The Shutdown Is Really Starting To Screw Over The People Who Make Your Air Travel Possible

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Airport security is on the line as the partial government shutdown drags on. As The Daily Beast reports, some TSA workers have quit during the shutdown because they're being forced to work without pay. If you're planning to fly while the government remains closed, you could experience longer lines or other adverse affects.

The clearest way the worker shortage could affect you is by increasing wait times at the airport. Some particularly long lines were reported at airports this weekend, though The Daily Beast reports that many of the issues were resolved by Monday. Michael Bilello, TSA's Assistant Administrator for Strategic Communications, noted that 99.9 percent of passengers who were screened across the country on Tuesday experienced a wait time of less than half an hour.

You may not experience longer wait times at all, but it may be best to arrive extra early, just in case. Make sure you at least follow TSA guidelines: Per TIME, that means showing up two hours before your flight if you're flying domestically, and three hours beforehand if you're leaving the country.

There's some disagreement on whether or not passengers' safety is in jeopardy due to staffing shortages. For its part, TSA insists there's no increased security risk; in a Friday statement, the agency declared that "security effectiveness will not be compromised and performance standards will not change" during the shutdown. And indeed, no major security incidents relating to a lack of staffing have been publicized since the shutdown began.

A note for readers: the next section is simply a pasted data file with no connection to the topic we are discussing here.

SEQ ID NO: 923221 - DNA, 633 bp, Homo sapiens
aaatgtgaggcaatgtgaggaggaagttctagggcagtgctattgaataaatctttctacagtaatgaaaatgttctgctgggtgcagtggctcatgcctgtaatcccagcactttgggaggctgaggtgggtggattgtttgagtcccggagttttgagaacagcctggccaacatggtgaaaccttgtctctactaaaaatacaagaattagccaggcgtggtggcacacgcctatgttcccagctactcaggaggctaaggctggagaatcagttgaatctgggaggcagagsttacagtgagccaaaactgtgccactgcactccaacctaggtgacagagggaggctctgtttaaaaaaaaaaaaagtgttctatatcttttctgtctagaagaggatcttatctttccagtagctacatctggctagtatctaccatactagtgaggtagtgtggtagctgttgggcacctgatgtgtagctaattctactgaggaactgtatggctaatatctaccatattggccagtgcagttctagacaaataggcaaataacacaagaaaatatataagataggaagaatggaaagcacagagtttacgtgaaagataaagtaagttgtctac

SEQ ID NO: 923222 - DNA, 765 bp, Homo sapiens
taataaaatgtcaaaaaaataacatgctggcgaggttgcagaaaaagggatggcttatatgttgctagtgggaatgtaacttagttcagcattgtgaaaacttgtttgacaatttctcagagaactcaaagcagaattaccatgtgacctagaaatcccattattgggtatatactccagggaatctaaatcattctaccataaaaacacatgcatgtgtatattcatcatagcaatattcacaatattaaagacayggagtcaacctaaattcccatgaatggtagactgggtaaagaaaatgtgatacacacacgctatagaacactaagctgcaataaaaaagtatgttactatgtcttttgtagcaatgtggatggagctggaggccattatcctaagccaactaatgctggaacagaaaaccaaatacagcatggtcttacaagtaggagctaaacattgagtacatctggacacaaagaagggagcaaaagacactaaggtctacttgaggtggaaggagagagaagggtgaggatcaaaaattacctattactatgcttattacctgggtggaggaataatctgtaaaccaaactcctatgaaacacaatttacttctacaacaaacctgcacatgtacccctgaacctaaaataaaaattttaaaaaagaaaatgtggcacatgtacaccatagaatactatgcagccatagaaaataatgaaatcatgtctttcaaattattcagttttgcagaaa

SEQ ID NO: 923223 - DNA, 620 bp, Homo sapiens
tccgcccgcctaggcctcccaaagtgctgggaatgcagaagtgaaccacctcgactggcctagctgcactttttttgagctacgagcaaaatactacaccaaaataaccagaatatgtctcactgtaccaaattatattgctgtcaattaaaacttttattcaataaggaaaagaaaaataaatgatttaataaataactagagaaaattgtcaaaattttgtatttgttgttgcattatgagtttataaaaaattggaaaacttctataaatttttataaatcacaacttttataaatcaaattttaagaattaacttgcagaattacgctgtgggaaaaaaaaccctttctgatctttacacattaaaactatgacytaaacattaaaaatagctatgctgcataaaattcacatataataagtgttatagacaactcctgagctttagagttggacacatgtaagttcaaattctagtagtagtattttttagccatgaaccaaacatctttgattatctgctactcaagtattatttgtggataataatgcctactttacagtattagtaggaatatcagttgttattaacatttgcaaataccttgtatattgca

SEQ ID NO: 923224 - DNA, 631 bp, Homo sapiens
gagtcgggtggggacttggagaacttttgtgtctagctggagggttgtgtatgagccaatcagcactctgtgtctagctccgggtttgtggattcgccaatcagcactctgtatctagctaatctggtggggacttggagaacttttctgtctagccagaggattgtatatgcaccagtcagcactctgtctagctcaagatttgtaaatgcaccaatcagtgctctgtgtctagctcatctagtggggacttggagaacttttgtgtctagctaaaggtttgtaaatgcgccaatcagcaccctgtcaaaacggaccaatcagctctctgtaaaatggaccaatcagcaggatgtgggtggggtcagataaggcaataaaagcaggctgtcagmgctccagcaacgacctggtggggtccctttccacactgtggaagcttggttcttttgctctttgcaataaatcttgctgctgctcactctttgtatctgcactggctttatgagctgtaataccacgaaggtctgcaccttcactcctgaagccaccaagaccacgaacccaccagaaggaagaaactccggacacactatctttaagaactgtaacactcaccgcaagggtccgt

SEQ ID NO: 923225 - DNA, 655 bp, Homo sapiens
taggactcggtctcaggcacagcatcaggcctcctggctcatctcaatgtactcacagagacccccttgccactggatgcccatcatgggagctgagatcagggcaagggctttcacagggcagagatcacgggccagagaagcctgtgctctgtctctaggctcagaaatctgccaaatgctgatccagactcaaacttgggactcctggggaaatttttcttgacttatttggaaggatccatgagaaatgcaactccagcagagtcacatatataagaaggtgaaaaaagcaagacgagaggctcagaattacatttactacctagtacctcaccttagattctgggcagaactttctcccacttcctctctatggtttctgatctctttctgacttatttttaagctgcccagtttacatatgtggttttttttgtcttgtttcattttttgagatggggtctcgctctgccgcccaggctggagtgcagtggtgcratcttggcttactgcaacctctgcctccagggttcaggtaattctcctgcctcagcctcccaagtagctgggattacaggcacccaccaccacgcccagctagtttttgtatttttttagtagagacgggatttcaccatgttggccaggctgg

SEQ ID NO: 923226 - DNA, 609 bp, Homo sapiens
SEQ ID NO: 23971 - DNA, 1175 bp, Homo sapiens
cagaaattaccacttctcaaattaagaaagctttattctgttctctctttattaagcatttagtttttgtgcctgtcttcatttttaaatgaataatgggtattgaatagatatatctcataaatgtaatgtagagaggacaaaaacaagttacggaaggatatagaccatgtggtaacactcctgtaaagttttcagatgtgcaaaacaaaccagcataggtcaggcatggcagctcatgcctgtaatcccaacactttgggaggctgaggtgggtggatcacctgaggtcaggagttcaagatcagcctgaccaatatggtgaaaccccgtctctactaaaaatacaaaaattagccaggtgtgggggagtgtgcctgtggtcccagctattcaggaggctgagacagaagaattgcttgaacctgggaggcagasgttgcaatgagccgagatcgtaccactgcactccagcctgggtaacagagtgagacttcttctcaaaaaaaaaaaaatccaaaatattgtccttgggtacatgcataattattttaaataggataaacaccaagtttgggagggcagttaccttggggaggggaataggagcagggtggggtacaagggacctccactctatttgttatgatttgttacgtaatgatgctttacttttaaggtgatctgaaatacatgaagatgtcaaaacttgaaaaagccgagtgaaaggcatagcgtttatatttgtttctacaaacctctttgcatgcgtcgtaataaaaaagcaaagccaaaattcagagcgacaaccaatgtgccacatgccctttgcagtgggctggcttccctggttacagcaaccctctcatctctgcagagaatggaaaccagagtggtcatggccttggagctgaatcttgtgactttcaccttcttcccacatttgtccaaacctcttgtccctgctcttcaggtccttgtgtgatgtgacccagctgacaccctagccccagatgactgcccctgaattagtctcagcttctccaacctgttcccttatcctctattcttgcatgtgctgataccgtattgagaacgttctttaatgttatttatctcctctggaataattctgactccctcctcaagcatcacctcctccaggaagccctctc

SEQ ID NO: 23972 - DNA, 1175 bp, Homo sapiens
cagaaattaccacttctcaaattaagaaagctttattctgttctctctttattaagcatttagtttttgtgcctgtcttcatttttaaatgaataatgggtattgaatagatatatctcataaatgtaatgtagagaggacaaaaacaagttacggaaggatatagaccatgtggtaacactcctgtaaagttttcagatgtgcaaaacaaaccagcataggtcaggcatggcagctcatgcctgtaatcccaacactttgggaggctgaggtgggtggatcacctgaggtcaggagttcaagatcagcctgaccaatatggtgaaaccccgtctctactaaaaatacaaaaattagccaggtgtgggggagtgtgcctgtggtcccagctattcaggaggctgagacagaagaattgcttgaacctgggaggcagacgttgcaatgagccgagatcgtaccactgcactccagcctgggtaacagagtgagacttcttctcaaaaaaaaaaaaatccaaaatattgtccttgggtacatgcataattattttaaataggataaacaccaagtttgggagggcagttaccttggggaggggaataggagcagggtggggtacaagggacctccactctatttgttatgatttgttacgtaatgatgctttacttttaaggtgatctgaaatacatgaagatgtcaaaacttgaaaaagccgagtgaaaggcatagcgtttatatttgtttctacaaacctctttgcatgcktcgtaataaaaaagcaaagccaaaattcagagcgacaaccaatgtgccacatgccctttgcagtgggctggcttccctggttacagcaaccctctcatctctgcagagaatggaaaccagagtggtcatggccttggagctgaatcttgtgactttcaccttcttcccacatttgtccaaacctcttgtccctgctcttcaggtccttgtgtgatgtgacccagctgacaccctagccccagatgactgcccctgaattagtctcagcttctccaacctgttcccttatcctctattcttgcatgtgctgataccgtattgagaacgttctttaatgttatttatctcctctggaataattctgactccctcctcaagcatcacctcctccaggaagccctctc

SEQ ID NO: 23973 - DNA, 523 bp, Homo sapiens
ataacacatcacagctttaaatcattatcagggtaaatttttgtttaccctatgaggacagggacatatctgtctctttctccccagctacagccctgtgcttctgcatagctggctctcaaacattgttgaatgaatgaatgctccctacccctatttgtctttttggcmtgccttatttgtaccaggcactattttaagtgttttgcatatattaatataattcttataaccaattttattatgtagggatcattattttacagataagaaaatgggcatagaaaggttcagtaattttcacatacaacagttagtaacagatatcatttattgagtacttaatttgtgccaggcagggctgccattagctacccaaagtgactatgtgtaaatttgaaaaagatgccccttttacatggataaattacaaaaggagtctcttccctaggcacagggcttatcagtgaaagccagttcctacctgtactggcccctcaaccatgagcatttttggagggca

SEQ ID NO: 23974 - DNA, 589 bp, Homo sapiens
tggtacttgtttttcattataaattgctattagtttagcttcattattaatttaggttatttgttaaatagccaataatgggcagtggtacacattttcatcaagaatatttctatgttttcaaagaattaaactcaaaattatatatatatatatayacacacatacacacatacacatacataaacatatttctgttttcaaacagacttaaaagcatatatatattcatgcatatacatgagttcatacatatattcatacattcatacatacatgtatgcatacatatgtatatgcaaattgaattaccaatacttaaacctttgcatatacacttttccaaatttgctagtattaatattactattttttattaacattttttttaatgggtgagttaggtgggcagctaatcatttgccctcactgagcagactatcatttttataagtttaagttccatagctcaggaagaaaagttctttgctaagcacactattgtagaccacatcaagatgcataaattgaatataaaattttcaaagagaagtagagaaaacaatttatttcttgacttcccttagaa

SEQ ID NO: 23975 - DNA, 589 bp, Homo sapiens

But the American Federation of Government Employees (AFGE) — the union that represents TSA — insists that passengers' safety could be endangered. Hydrick Thomas, head of the AFGE's TSA Council, told The Daily Beast that continuing to lose airport workers could "create a massive security risk."

"We don't have enough trainees in the pipeline or the ability to process new hires," Thomas told the outlet. "Our [... Transportation Security Officers] already do an amazing job without the proper staffing levels, but if this keeps up there are problems that will arise." Bustle has reached out to Thomas for additional comment, as well as the director of communications at the AFGE National Office.

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The Airports Council International-North America also warned of safety risks in a letter to President Donald Trump and Congress this week. President and CEO Kevin M. Burke wrote that there is a "security vulnerability associated with large groups of passengers waiting in public areas at TSA passenger screening checkpoints."

Burke also noted that many Federal Aviation Administration employees are not working during the shutdown, which means they're unable "to develop and approve enhanced flight procedures, install and maintain navigational aids and air traffic control support systems, coordinate the review of applications for new or expanded airport facilities, or hire and train new air traffic controllers." An airline pilot union has cautioned that there may be fewer safety inspections during the shutdown because of the FAA worker shortage.

All in all, there doesn't seem to be an urgent reason to worry about your safety if you're about to get on an airplane. Officials more seem to be cautioning that security risks could arise if the shutdown continues to drag on (as Trump has threatened it could, for "months or even years"). For now, just make sure you get to the airport with plenty of time to spare.